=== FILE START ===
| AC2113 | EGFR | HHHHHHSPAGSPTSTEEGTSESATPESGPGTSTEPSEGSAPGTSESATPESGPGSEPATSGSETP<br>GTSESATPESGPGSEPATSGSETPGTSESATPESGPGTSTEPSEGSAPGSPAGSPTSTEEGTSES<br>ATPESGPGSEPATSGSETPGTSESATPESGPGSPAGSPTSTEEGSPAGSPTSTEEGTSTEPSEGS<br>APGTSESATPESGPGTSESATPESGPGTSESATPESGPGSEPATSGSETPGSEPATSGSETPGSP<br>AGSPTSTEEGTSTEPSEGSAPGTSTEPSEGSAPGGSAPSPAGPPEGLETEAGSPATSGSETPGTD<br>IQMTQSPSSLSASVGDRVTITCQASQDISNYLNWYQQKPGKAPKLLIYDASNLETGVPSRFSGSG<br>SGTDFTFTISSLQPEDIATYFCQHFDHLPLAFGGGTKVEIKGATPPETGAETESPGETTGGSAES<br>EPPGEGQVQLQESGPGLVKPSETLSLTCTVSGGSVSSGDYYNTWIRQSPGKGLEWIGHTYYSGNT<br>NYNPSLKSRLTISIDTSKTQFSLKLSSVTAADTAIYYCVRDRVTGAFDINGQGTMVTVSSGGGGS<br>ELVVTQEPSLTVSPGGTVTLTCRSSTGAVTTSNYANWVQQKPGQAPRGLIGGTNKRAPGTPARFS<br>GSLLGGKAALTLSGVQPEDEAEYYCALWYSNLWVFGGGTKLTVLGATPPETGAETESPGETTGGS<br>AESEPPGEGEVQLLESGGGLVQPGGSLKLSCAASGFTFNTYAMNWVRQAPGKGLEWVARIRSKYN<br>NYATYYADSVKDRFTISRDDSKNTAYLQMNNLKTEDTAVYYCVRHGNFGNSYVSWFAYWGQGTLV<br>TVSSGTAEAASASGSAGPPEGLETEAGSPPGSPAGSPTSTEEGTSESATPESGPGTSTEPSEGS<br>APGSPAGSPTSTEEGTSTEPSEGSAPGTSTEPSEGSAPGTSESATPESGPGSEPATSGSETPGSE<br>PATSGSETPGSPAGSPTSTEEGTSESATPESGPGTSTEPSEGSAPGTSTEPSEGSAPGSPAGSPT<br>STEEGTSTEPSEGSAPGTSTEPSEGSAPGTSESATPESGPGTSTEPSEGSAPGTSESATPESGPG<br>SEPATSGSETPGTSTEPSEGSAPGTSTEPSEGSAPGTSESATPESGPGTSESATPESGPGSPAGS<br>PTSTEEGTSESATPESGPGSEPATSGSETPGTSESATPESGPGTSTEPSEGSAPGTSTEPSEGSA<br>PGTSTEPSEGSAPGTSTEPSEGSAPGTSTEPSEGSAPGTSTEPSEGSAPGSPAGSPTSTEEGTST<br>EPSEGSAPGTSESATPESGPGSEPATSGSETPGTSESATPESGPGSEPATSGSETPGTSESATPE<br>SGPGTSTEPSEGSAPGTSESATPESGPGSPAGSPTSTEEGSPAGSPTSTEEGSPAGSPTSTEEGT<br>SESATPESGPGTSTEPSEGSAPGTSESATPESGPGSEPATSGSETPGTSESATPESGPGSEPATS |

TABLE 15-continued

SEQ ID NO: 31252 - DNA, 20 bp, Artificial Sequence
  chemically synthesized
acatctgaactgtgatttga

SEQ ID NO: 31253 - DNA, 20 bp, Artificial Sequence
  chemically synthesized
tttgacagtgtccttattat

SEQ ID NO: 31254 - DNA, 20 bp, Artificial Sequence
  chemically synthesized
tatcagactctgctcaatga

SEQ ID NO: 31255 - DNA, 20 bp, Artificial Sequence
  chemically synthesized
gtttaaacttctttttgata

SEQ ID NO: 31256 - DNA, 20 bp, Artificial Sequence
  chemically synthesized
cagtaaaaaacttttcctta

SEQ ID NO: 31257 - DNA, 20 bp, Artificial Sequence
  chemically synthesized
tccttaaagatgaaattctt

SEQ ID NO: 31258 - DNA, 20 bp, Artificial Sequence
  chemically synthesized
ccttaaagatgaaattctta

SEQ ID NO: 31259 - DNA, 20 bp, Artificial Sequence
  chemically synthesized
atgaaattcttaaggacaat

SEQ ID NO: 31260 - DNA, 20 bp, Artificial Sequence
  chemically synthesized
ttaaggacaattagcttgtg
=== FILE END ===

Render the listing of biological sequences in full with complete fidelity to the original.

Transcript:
| AC2113 | EGFR | HHHHHHSPAGSPTSTEEGTSESATPESGPGTSTEPSEGSAPGTSESATPESGPGSEPATSGSETP<br>GTSESATPESGPGSEPATSGSETPGTSESATPESGPGTSTEPSEGSAPGSPAGSPTSTEEGTSES<br>ATPESGPGSEPATSGSETPGTSESATPESGPGSPAGSPTSTEEGSPAGSPTSTEEGTSTEPSEGS<br>APGTSESATPESGPGTSESATPESGPGTSESATPESGPGSEPATSGSETPGSEPATSGSETPGSP<br>AGSPTSTEEGTSTEPSEGSAPGTSTEPSEGSAPGGSAPSPAGPPEGLETEAGSPATSGSETPGTD<br>IQMTQSPSSLSASVGDRVTITCQASQDISNYLNWYQQKPGKAPKLLIYDASNLETGVPSRFSGSG<br>SGTDFTFTISSLQPEDIATYFCQHFDHLPLAFGGGTKVEIKGATPPETGAETESPGETTGGSAES<br>EPPGEGQVQLQESGPGLVKPSETLSLTCTVSGGSVSSGDYYNTWIRQSPGKGLEWIGHTYYSGNT<br>NYNPSLKSRLTISIDTSKTQFSLKLSSVTAADTAIYYCVRDRVTGAFDINGQGTMVTVSSGGGGS<br>ELVVTQEPSLTVSPGGTVTLTCRSSTGAVTTSNYANWVQQKPGQAPRGLIGGTNKRAPGTPARFS<br>GSLLGGKAALTLSGVQPEDEAEYYCALWYSNLWVFGGGTKLTVLGATPPETGAETESPGETTGGS<br>AESEPPGEGEVQLLESGGGLVQPGGSLKLSCAASGFTFNTYAMNWVRQAPGKGLEWVARIRSKYN<br>NYATYYADSVKDRFTISRDDSKNTAYLQMNNLKTEDTAVYYCVRHGNFGNSYVSWFAYWGQGTLV<br>TVSSGTAEAASASGSAGPPEGLETEAGSPPGSPAGSPTSTEEGTSESATPESGPGTSTEPSEGS<br>APGSPAGSPTSTEEGTSTEPSEGSAPGTSTEPSEGSAPGTSESATPESGPGSEPATSGSETPGSE<br>PATSGSETPGSPAGSPTSTEEGTSESATPESGPGTSTEPSEGSAPGTSTEPSEGSAPGSPAGSPT<br>STEEGTSTEPSEGSAPGTSTEPSEGSAPGTSESATPESGPGTSTEPSEGSAPGTSESATPESGPG<br>SEPATSGSETPGTSTEPSEGSAPGTSTEPSEGSAPGTSESATPESGPGTSESATPESGPGSPAGS<br>PTSTEEGTSESATPESGPGSEPATSGSETPGTSESATPESGPGTSTEPSEGSAPGTSTEPSEGSA<br>PGTSTEPSEGSAPGTSTEPSEGSAPGTSTEPSEGSAPGTSTEPSEGSAPGSPAGSPTSTEEGTST<br>EPSEGSAPGTSESATPESGPGSEPATSGSETPGTSESATPESGPGSEPATSGSETPGTSESATPE<br>SGPGTSTEPSEGSAPGTSESATPESGPGSPAGSPTSTEEGSPAGSPTSTEEGSPAGSPTSTEEGT<br>SESATPESGPGTSTEPSEGSAPGTSESATPESGPGSEPATSGSETPGTSESATPESGPGSEPATS |

TABLE 15-continued

SEQ ID NO: 31252 - DNA, 20 bp, Artificial Sequence
  chemically synthesized
acatctgaactgtgatttga

SEQ ID NO: 31253 - DNA, 20 bp, Artificial Sequence
  chemically synthesized
tttgacagtgtccttattat

SEQ ID NO: 31254 - DNA, 20 bp, Artificial Sequence
  chemically synthesized
tatcagactctgctcaatga

SEQ ID NO: 31255 - DNA, 20 bp, Artificial Sequence
  chemically synthesized
gtttaaacttctttttgata

SEQ ID NO: 31256 - DNA, 20 bp, Artificial Sequence
  chemically synthesized
cagtaaaaaacttttcctta

SEQ ID NO: 31257 - DNA, 20 bp, Artificial Sequence
  chemically synthesized
tccttaaagatgaaattctt

SEQ ID NO: 31258 - DNA, 20 bp, Artificial Sequence
  chemically synthesized
ccttaaagatgaaattctta

SEQ ID NO: 31259 - DNA, 20 bp, Artificial Sequence
  chemically synthesized
atgaaattcttaaggacaat

SEQ ID NO: 31260 - DNA, 20 bp, Artificial Sequence
  chemically synthesized
ttaaggacaattagcttgtg